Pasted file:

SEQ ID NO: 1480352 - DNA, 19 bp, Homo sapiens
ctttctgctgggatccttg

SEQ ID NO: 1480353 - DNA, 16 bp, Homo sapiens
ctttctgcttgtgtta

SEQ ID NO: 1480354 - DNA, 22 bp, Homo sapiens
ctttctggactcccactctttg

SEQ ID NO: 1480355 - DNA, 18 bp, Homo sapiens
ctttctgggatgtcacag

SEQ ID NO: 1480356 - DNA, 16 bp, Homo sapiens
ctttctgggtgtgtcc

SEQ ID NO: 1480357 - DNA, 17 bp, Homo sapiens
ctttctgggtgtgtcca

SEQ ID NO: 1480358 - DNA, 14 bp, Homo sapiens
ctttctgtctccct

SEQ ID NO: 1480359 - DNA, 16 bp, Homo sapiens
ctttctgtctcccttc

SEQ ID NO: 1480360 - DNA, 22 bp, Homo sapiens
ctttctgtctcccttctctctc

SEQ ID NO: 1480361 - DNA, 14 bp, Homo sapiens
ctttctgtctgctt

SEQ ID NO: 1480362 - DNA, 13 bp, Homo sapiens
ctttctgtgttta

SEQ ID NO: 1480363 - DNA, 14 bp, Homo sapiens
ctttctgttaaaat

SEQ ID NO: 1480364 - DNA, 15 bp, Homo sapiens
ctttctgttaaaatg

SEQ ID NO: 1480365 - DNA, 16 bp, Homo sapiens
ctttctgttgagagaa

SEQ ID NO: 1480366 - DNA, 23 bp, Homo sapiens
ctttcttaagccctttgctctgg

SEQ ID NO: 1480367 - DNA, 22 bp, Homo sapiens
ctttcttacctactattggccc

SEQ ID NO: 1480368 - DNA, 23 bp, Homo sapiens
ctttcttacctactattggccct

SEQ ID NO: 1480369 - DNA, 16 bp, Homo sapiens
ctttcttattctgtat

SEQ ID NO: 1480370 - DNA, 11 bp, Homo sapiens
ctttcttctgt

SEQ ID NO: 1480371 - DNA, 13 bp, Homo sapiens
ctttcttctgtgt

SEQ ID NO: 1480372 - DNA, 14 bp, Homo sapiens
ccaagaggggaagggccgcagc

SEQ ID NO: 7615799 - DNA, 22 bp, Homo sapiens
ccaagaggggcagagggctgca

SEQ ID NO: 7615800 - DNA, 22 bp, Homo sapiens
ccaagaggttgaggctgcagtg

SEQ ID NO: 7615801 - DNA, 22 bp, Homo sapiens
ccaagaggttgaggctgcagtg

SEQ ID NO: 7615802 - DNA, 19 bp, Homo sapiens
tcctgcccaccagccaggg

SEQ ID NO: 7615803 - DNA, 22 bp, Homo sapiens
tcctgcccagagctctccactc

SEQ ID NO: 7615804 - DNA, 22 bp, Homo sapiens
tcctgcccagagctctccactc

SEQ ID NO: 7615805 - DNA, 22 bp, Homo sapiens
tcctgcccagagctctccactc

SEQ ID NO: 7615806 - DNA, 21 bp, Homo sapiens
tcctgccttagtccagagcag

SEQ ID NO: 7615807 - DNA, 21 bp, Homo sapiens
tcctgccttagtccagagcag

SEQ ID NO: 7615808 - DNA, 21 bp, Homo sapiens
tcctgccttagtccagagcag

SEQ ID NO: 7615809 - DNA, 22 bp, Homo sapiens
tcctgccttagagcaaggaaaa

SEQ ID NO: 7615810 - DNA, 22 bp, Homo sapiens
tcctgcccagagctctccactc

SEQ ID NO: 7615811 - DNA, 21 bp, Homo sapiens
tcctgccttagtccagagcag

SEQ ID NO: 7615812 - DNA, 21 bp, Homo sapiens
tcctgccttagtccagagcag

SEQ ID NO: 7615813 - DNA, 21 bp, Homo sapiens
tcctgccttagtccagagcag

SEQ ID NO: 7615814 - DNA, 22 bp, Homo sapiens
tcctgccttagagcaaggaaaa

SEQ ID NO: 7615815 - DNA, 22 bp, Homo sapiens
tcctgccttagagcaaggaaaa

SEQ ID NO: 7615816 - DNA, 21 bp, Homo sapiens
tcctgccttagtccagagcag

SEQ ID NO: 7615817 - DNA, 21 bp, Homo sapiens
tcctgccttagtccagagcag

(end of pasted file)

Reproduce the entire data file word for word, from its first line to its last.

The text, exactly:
SEQ ID NO: 1480352 - DNA, 19 bp, Homo sapiens
ctttctgctgggatccttg

SEQ ID NO: 1480353 - DNA, 16 bp, Homo sapiens
ctttctgcttgtgtta

SEQ ID NO: 1480354 - DNA, 22 bp, Homo sapiens
ctttctggactcccactctttg

SEQ ID NO: 1480355 - DNA, 18 bp, Homo sapiens
ctttctgggatgtcacag

SEQ ID NO: 1480356 - DNA, 16 bp, Homo sapiens
ctttctgggtgtgtcc

SEQ ID NO: 1480357 - DNA, 17 bp, Homo sapiens
ctttctgggtgtgtcca

SEQ ID NO: 1480358 - DNA, 14 bp, Homo sapiens
ctttctgtctccct

SEQ ID NO: 1480359 - DNA, 16 bp, Homo sapiens
ctttctgtctcccttc

SEQ ID NO: 1480360 - DNA, 22 bp, Homo sapiens
ctttctgtctcccttctctctc

SEQ ID NO: 1480361 - DNA, 14 bp, Homo sapiens
ctttctgtctgctt

SEQ ID NO: 1480362 - DNA, 13 bp, Homo sapiens
ctttctgtgttta

SEQ ID NO: 1480363 - DNA, 14 bp, Homo sapiens
ctttctgttaaaat

SEQ ID NO: 1480364 - DNA, 15 bp, Homo sapiens
ctttctgttaaaatg

SEQ ID NO: 1480365 - DNA, 16 bp, Homo sapiens
ctttctgttgagagaa

SEQ ID NO: 1480366 - DNA, 23 bp, Homo sapiens
ctttcttaagccctttgctctgg

SEQ ID NO: 1480367 - DNA, 22 bp, Homo sapiens
ctttcttacctactattggccc

SEQ ID NO: 1480368 - DNA, 23 bp, Homo sapiens
ctttcttacctactattggccct

SEQ ID NO: 1480369 - DNA, 16 bp, Homo sapiens
ctttcttattctgtat

SEQ ID NO: 1480370 - DNA, 11 bp, Homo sapiens
ctttcttctgt

SEQ ID NO: 1480371 - DNA, 13 bp, Homo sapiens
ctttcttctgtgt

SEQ ID NO: 1480372 - DNA, 14 bp, Homo sapiens
ccaagaggggaagggccgcagc

SEQ ID NO: 7615799 - DNA, 22 bp, Homo sapiens
ccaagaggggcagagggctgca

SEQ ID NO: 7615800 - DNA, 22 bp, Homo sapiens
ccaagaggttgaggctgcagtg

SEQ ID NO: 7615801 - DNA, 22 bp, Homo sapiens
ccaagaggttgaggctgcagtg

SEQ ID NO: 7615802 - DNA, 19 bp, Homo sapiens
tcctgcccaccagccaggg

SEQ ID NO: 7615803 - DNA, 22 bp, Homo sapiens
tcctgcccagagctctccactc

SEQ ID NO: 7615804 - DNA, 22 bp, Homo sapiens
tcctgcccagagctctccactc

SEQ ID NO: 7615805 - DNA, 22 bp, Homo sapiens
tcctgcccagagctctccactc

SEQ ID NO: 7615806 - DNA, 21 bp, Homo sapiens
tcctgccttagtccagagcag

SEQ ID NO: 7615807 - DNA, 21 bp, Homo sapiens
tcctgccttagtccagagcag

SEQ ID NO: 7615808 - DNA, 21 bp, Homo sapiens
tcctgccttagtccagagcag

SEQ ID NO: 7615809 - DNA, 22 bp, Homo sapiens
tcctgccttagagcaaggaaaa

SEQ ID NO: 7615810 - DNA, 22 bp, Homo sapiens
tcctgcccagagctctccactc

SEQ ID NO: 7615811 - DNA, 21 bp, Homo sapiens
tcctgccttagtccagagcag

SEQ ID NO: 7615812 - DNA, 21 bp, Homo sapiens
tcctgccttagtccagagcag

SEQ ID NO: 7615813 - DNA, 21 bp, Homo sapiens
tcctgccttagtccagagcag

SEQ ID NO: 7615814 - DNA, 22 bp, Homo sapiens
tcctgccttagagcaaggaaaa

SEQ ID NO: 7615815 - DNA, 22 bp, Homo sapiens
tcctgccttagagcaaggaaaa

SEQ ID NO: 7615816 - DNA, 21 bp, Homo sapiens
tcctgccttagtccagagcag

SEQ ID NO: 7615817 - DNA, 21 bp, Homo sapiens
tcctgccttagtccagagcag